Tuesday, November 04, 2014

Learned Helplessness

see here: learned helplessness

I am struggling with the irony of learning that in the face of learned helplessness, we can be rendered helpless. Impotent even.

Your country is being invaded by horrible fascist communist aliens. They round up civilians and use them for horrible experimental testing that results in much pain, suffering and eventual death. All you have to do to avoid this horrible fate is get in the car and drive north. Yet you don't. You just sit there frozen. You don't even have to drive, your family and loved ones are imploring you to just get in the car and flee with them.

You insist that it is 'hopeless' and lay your head down on the table and fold your hands behind your head as if pinning yourself down.

This 'you' of the story is exhibiting learned helplessness. Actually, I'm not qualified to make the diagnostic. There's not enough backstory. Let's just assume they do.

Here's the philosophical question of relevance - are they or aren't they capable of helping themselves?

Physically capable seems to be the case. They are able bodied, and have the material means to flee. They seem psychologically incapable of perceiving this, or constructing the possible reality where this works. They also appear to not be able to formulate that the downside risk of trying to flee is exactly the same as doing nothing at all. Which is to say if you don't speak in terms of 'downside' and 'upside' risk like I do. Your fate is no worse if you attempt to flee and fail, than if you merely surrender. But there is some possibility that fleeing will provide a better fate than surrendering. Furthermore, surrendering does not make your eventual fate any more pleasant.

Learned helplessness is so bizarre to observe from the outside. Imagine meeting an adult whom throughout their entire schooling was told that the question 2 + 2 does not have an answer and the answer cannot be determined. When you say '2 + 2 = 4, everybody knows that.' they look at you like you just said your parents are leprechauns. When you try and demonstrate it using fingers on each hand and counting, they shake their head and say 'I don't know what you are talking about.'

This should be noted, as being a different experience from when you meet some mathematics PhD and they are telling you how Fermat's Last Theorem was eventually proved and saying 'I don't know what you are talking about.' or more likely 'buh?' because in this case, I at least am willing to believe that there is an answer and that my PhD toting party guest has an expertise I should defer to. It costs me nothing to believe her, I simply don't understand what we are talking about because of my lack of expertise. I haven't 'learned' to not believe her, I just haven't learned to speak her language. Politeness demands of me that I try, curiosity motivates me to.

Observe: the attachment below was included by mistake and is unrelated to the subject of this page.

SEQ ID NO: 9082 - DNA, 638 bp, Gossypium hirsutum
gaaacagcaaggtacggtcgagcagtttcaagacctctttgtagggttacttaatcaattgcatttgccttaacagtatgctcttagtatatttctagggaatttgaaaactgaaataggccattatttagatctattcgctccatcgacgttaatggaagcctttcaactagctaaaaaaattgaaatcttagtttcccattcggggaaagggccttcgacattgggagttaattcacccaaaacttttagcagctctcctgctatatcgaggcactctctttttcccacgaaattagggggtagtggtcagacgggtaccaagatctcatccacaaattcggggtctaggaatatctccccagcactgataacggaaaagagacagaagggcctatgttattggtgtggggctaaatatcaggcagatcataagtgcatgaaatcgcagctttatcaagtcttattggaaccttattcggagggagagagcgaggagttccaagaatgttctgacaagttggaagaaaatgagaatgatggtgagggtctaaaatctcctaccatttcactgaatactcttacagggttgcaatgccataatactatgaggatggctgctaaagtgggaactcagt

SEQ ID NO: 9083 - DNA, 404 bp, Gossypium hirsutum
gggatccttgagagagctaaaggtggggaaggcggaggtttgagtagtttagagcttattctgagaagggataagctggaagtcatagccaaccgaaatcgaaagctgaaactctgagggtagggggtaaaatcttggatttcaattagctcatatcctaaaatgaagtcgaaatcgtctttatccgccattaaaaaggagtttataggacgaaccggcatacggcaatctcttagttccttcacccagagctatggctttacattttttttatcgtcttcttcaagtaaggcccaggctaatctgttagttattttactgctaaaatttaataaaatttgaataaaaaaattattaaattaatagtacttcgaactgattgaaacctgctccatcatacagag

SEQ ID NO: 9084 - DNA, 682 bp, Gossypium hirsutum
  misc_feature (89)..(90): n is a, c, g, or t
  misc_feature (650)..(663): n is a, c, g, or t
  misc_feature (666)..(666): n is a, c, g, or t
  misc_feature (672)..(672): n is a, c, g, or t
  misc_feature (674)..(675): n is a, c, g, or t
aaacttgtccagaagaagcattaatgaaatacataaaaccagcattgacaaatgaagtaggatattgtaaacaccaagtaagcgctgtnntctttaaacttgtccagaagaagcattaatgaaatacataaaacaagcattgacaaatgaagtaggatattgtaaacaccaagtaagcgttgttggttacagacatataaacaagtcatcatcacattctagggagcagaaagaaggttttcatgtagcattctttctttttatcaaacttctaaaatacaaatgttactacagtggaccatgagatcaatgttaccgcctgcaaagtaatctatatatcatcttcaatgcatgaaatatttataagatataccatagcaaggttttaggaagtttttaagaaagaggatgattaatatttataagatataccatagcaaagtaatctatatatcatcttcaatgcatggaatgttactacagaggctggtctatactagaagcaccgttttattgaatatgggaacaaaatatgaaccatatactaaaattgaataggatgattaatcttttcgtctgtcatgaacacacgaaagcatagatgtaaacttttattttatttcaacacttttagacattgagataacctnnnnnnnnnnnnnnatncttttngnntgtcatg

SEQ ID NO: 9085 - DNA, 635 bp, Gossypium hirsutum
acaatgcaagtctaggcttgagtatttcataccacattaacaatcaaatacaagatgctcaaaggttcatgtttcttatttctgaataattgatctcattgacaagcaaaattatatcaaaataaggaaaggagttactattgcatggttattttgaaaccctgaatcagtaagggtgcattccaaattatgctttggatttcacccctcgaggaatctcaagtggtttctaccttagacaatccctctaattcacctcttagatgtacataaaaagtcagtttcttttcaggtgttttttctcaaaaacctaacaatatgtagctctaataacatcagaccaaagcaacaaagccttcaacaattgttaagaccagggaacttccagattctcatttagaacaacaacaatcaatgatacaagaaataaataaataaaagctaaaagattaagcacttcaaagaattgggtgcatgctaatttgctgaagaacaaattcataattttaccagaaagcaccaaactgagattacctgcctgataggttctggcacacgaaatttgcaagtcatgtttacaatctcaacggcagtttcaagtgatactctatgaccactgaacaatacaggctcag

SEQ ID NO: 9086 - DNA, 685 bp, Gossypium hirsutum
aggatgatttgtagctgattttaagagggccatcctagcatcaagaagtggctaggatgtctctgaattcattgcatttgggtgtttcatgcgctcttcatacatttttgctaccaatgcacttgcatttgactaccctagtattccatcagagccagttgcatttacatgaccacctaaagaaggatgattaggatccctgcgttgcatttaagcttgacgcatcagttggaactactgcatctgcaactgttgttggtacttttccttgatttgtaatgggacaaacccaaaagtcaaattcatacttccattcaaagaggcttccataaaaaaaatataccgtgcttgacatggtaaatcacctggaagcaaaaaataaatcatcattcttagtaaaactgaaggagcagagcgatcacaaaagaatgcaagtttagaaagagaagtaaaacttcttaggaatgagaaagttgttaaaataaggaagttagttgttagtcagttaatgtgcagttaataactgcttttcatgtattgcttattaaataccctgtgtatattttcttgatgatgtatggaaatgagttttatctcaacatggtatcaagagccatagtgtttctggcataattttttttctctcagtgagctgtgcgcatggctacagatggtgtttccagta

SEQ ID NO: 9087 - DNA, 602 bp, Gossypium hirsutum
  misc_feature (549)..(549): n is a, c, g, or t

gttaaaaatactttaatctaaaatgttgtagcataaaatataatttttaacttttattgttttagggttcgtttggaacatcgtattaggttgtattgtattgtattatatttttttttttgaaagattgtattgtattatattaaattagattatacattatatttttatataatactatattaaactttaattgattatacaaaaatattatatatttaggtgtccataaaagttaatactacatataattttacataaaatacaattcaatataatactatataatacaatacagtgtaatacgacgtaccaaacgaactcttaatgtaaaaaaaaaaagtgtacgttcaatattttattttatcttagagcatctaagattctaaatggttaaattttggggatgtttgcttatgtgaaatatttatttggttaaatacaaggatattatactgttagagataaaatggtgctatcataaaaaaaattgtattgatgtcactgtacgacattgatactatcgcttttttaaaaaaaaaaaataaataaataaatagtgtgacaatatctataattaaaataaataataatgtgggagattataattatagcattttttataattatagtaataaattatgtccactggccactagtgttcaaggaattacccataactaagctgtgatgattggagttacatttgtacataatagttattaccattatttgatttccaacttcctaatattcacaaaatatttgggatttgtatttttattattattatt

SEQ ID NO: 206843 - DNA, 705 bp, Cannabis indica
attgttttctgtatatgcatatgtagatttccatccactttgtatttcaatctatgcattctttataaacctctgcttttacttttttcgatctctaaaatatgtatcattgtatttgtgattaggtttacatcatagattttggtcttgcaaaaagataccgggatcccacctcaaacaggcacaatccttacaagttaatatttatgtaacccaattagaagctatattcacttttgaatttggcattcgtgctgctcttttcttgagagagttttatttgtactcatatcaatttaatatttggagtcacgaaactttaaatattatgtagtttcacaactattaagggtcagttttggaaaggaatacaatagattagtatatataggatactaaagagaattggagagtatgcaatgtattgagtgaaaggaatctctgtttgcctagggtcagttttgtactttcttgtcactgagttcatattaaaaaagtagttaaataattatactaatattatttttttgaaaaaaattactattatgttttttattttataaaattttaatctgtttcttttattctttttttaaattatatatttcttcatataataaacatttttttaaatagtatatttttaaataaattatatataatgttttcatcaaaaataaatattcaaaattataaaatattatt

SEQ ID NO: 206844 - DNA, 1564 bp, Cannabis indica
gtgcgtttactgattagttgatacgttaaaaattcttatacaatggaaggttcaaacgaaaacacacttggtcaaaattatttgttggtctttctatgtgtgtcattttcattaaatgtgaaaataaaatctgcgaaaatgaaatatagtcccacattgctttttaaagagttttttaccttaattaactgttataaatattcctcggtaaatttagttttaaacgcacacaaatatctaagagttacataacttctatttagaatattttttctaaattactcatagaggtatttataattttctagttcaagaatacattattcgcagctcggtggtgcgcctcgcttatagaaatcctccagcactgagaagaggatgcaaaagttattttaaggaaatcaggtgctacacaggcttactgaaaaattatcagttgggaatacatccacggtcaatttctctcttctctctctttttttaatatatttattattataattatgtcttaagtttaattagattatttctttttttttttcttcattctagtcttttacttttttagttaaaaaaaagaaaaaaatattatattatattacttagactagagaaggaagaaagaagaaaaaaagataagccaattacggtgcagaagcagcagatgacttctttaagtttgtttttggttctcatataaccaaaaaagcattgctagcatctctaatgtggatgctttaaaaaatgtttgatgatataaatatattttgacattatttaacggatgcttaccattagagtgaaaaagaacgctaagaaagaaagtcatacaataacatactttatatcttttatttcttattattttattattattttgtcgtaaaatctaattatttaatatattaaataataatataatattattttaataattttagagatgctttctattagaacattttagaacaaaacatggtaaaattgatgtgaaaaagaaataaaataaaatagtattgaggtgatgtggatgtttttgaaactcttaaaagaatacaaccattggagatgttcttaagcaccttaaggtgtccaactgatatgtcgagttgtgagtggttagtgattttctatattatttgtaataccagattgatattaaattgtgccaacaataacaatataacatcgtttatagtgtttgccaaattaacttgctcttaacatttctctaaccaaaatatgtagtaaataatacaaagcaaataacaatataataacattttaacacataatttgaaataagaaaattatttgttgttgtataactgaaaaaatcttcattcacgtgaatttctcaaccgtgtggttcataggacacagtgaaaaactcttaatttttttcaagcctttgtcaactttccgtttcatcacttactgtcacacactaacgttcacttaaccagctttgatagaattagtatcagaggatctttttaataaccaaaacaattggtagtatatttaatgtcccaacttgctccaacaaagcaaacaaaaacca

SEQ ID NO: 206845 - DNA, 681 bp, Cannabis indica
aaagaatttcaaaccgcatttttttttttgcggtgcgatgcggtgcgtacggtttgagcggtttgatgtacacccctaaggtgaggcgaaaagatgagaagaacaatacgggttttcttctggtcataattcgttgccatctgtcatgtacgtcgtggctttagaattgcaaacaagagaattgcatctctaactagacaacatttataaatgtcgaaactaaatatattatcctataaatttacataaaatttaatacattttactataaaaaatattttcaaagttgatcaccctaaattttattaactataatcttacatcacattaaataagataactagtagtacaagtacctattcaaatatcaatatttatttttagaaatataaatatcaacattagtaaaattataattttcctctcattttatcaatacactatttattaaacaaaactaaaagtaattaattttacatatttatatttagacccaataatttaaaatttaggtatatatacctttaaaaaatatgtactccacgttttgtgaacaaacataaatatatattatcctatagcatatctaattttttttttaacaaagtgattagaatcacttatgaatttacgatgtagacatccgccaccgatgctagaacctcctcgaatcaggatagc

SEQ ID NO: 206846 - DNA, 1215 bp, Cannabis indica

So... what are we left with?

First and foremost, a frustration that somebody is seemingly capable of helping themselves, and for some reason they choose not to. This is distinct from somebody who is suicidal, because this person actually dreads their fate, they just can't/won't do anything to avoid it.

Here then do you step in? Relieve this person of their executive command over their fate and pick them up and dump them in the car and drive them to safety? Possibly, here though, it does cost you something to save somebody incapable of saving themselves. Compensating for helplessness is possibly harder than compensating for injury or physical disability.

It is September 11, 2001 and you are evacuating the twin towers down however many flights of stairs there were. On one floor you notice two people, one in a wheelchair trying to figure out how to descend the stairs, you offer to help, with two able bodied people the task should be manageable. The next floor down, you see a completely able bodied person curled up on the floor with their head between their knees you yell 'come on man! we gotta evacuate.' They look at you and shake your head.

I'm not a doctor or rescue worker, but I imagine the mind makes a physically harder obstacle to overcome in rescue than paraplegia. (It should also be noted, that people who obtain a physical disability I imagine are far less likely to come down with learned helplessness).

I suspect now I have answered my own question, though it's wholly unsatisfying.

The first is that you have to let go of the frustration, and accept that this person, though the condition may be hysterical, physically can't see the answers in front of them. They are not prone to panic, they just cannot perceive reality accurately in the first place. Their mind renders them incapable of escaping their fate. So don't get frustrated with them, it doesn't help.

Secondly, you can carry them out of the burning building only if you can afford to. You have to weigh up the costs of doing so. Will it result in the two of you dying? Is it at the expense of somebody whose ongoing survival prospects are greater? It is no good clearing one immediate hurdle for them if there are a thousand hurdles to go and you barely have the stamina to get yourself over them all.

But sure, you may rescue them once, and as you carry them out of the smoke into the clear blue skies, they may even remark 'I couldn't have done that.' and that's where you need to remember to say 'hey no problem.' instead of slapping them across the face.

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